Release Date:

March 1947 (USA) See more »

Also Known As:

A Matter of Life and Death See more »

Edit

Box Office

Budget:

£320,000 (estimated)

Gross USA:

$3,815,000, 31 December 1947
See more on IMDbPro »

Company Credits

Production Co:

The Archers See more »
Show more on IMDbPro »

Technical Specs

Runtime:

Sound Mix:

Mono (Western Electric Recording)

Color:

Black and White (Dye - Monochrome) (heaven scenes)| Color (Technicolor) (Earth scenes)

Aspect Ratio:

1.37 : 1
See full technical specs »
Edit

Did You Know?

Trivia

Sir Richard Attenborough (An English Pilot) only has one line: "It's Heaven, isn't it?" See more »

Goofs

After Peter's second encounter with the Heavenly Messenger, this time in Frank's library, the doctor and June desperately attend to Peter's condition. June kneels in front of Peter and begins to giggle uncontrollably, then expertly hides herself behind Frank to avoid the camera. See more »

Quotes

[first lines]
Narrator: This is the universe. Big, isn't it?
See more »

Crazy Credits

Foreword (Scrolled up the screen at the start of the film): This is a story of two Worlds the one we know and another which exists only in the mind of a young airman whose life & imagination have been violently shaped by war [Pauses, then scrolls up to reveal] Any resemblance to any other world known or unknown is purely coincidental. See more »

Alternate Versions

The US release was cut to avoid showing the naked shepherd boy in the sand dunes. See more »

Connections

Featured in A Profile of 'Black Narcissus' (2000) See more »

Soundtracks

Shoo Shoo Baby
(1943) (uncredited)
Music and Lyrics by Phil Moore
Sung on the radio by an unidentified man at the trial
See more »

Frequently Asked Questions

See more »

User Reviews

 
What a marvel!
15 December 2004 | by film-29See all my reviews

This movie has the most beautiful opening sequence ever made. I've seen this movie for the first time a week ago, since then every day I see the opening and every time I feel as thrilled as I felt the first time I heard David Niven uttering the immortal words from Sir Walter Raleigh's The Pilgrimage:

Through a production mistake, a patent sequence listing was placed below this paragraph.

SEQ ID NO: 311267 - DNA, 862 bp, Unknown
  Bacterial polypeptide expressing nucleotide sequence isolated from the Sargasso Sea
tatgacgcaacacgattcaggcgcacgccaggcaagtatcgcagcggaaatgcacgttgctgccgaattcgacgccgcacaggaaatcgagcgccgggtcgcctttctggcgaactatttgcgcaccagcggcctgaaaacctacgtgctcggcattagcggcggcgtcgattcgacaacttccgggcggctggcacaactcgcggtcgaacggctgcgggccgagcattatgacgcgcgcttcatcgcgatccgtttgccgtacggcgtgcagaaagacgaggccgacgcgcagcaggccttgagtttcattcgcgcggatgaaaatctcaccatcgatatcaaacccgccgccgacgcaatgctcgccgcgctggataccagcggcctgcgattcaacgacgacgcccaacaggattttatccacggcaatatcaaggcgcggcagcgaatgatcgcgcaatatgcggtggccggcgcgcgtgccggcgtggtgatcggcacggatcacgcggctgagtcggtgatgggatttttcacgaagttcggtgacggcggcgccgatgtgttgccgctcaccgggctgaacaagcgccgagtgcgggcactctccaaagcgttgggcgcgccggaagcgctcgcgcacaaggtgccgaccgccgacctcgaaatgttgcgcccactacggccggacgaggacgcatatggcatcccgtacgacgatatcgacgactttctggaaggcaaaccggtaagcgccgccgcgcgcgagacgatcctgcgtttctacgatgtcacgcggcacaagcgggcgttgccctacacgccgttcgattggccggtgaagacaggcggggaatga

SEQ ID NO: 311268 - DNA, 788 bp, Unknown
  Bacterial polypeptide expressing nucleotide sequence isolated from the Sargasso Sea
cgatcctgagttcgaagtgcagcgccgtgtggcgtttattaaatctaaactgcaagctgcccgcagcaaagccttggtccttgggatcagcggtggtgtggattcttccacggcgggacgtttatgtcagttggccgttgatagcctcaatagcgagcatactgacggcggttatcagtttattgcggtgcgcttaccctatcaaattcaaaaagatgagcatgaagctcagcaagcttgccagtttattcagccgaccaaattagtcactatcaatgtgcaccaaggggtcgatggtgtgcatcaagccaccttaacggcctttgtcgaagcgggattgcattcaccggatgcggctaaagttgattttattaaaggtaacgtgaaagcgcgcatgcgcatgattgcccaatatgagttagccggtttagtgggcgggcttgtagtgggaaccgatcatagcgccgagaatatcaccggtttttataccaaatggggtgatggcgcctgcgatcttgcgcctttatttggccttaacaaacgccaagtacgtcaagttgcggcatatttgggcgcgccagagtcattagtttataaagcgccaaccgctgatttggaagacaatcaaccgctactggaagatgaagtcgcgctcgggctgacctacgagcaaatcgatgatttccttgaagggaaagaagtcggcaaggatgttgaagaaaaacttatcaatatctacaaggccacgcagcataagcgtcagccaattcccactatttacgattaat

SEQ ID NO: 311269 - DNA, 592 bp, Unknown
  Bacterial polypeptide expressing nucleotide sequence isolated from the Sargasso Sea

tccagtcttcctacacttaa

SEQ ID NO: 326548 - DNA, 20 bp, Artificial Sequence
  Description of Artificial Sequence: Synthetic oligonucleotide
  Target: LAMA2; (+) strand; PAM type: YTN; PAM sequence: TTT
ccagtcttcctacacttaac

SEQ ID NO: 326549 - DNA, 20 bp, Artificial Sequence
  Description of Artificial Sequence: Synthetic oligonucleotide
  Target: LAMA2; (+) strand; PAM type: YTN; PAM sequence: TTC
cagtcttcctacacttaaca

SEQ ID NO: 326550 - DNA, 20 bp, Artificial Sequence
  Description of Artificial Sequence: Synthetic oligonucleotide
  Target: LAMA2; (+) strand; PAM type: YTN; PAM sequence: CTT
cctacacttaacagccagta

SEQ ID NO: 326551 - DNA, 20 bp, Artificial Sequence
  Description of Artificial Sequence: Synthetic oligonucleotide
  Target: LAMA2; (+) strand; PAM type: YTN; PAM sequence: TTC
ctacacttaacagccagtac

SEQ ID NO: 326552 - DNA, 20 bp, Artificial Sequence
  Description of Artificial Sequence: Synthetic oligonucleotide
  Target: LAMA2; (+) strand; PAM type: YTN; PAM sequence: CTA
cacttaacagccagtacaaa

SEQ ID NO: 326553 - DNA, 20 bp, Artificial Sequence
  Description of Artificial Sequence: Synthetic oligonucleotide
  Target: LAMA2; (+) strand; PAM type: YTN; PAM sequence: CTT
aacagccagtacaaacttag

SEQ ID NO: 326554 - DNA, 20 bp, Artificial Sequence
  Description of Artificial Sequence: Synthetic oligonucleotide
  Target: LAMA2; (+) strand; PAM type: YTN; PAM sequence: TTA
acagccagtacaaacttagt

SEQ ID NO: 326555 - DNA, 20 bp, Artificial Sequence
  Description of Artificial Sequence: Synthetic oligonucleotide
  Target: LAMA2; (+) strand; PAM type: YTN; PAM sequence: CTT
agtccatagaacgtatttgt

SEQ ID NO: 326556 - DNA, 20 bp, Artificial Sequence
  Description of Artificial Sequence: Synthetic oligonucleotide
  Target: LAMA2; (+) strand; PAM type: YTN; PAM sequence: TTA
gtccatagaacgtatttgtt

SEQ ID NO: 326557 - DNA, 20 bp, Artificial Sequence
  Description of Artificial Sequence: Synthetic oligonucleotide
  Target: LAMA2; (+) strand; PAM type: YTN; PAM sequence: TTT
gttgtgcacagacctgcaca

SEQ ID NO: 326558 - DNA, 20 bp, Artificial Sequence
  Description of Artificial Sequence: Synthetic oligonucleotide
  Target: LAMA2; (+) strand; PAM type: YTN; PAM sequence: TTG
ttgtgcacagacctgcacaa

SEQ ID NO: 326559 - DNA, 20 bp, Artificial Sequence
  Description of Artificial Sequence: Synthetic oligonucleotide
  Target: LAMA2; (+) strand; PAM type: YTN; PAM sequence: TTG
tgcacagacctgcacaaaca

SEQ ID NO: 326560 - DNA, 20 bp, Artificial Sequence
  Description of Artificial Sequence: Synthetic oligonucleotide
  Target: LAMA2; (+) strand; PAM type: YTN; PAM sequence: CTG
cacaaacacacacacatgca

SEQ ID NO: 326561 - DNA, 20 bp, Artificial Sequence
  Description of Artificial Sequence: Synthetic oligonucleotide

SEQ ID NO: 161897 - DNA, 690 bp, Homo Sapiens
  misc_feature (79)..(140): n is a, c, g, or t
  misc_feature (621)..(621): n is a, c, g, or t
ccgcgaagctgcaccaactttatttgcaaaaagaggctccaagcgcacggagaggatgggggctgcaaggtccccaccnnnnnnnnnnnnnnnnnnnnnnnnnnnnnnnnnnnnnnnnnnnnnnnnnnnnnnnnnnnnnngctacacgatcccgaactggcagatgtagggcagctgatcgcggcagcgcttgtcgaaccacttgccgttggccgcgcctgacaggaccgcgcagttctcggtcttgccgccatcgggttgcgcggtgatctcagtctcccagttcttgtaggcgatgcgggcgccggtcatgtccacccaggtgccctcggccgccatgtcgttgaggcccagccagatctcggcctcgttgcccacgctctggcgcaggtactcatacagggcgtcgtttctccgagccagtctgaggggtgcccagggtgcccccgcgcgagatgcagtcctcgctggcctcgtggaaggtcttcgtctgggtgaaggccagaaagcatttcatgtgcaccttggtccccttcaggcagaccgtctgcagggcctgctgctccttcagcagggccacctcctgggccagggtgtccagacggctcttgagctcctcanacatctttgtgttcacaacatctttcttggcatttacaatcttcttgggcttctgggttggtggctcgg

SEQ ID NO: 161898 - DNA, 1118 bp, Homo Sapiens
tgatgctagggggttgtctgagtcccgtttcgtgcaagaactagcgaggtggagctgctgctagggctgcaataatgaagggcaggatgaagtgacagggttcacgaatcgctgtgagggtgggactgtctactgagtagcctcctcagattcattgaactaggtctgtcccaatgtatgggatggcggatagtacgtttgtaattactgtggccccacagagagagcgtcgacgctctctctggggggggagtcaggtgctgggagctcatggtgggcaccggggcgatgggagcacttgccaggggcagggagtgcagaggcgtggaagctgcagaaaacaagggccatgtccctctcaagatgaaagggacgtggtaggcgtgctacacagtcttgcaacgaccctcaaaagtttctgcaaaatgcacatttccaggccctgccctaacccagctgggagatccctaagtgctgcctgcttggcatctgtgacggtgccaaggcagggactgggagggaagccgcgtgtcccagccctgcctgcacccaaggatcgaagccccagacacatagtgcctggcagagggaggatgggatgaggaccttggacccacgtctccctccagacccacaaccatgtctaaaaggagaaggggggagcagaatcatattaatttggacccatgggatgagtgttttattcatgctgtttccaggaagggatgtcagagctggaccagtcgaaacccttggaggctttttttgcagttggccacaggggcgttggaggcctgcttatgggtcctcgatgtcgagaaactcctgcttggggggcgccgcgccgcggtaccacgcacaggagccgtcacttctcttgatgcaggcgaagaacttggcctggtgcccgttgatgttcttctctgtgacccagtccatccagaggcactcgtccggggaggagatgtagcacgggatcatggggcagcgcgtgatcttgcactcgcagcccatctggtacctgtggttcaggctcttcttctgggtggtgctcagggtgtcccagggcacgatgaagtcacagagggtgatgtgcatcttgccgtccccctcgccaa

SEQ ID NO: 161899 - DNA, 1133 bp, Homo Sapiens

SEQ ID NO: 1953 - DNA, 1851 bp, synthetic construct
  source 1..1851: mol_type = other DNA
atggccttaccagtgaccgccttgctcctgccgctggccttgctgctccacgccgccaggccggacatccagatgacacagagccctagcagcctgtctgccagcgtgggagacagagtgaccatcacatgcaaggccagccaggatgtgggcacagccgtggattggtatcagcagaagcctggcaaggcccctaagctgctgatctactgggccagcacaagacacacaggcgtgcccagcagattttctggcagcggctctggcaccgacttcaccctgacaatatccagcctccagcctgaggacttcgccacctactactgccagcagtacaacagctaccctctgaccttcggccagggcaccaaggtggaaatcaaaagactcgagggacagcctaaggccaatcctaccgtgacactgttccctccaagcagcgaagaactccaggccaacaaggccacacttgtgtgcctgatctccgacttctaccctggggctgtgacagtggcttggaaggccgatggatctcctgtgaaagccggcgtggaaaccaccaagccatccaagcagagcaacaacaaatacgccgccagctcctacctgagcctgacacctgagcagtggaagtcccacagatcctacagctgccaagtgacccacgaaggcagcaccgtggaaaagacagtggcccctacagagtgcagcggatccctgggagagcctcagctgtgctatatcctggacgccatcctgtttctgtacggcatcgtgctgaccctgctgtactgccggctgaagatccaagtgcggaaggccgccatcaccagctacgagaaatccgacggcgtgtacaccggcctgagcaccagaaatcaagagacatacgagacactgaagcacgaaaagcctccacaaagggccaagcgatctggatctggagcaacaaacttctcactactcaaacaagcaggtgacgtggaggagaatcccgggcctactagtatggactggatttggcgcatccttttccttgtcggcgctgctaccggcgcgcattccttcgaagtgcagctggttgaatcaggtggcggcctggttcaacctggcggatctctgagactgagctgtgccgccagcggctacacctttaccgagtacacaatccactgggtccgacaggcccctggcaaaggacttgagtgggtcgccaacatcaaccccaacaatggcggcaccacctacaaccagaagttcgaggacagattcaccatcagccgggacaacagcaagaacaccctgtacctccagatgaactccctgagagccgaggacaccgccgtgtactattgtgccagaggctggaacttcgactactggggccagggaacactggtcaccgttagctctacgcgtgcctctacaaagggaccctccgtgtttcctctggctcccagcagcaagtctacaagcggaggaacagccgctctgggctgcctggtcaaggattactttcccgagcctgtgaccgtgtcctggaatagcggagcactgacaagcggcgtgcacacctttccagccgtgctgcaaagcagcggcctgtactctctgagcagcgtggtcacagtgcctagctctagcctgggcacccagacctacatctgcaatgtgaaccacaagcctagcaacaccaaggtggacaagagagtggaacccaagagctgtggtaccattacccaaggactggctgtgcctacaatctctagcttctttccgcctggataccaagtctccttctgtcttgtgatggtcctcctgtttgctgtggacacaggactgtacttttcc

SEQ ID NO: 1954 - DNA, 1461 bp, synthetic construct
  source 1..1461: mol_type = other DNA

Give me my scallop-shell of quiet, My staff of faith to walk upon, My scrip of joy, immortal diet, My bottle of salvation, My gown of glory, hope's true gage; And thus I'll take my pilgrimage (…)

Do you know why it would be a truism to say Michael Powell's and Emeric Pressuburger's lives are thoroughly justified for having crafted such a wonderful opening? Because they had been already admitted in the Paradise of Poets long before they made this movie.

I imagine both of them facing trial during Doomsday and saying nonchalantly to an irate God: I beg your pardon, Sir. So, do You want to know what have we done during our lifetime? Well, well you'll see: We've written directed and produced: I know Where I'm Going, Colonel Blimp, Red Shoes… do you think that enough Sir? It is rather obvious that these two great artists had already fulfilled their duty with God, Nature the Muse or Whatever you may call It when they shot A Matter of Life and Death. The fact that other people's lives would be justified for their deeds could be not apparent to everybody, notwithstanding I feel my life would have a meaning had I never done anything else that to see this movie.

Of course old-timers will be tempted to say: They don't do movies like this one any more. They'll be partially mistaken; they didn't make movies like this in the past times either.

I've have already quoted Keats here, but I'll repeat his words: A thing of beauty is a joy forever.


61 of 73 people found this review helpful.  Was this review helpful to you? | Report this
Review this title | See all 162 user reviews »

Contribute to This Page

Stream Popular Action and Adventure Titles With Prime Video

Explore popular action and adventure titles available to stream with Prime Video.

Start your free trial



Recently Viewed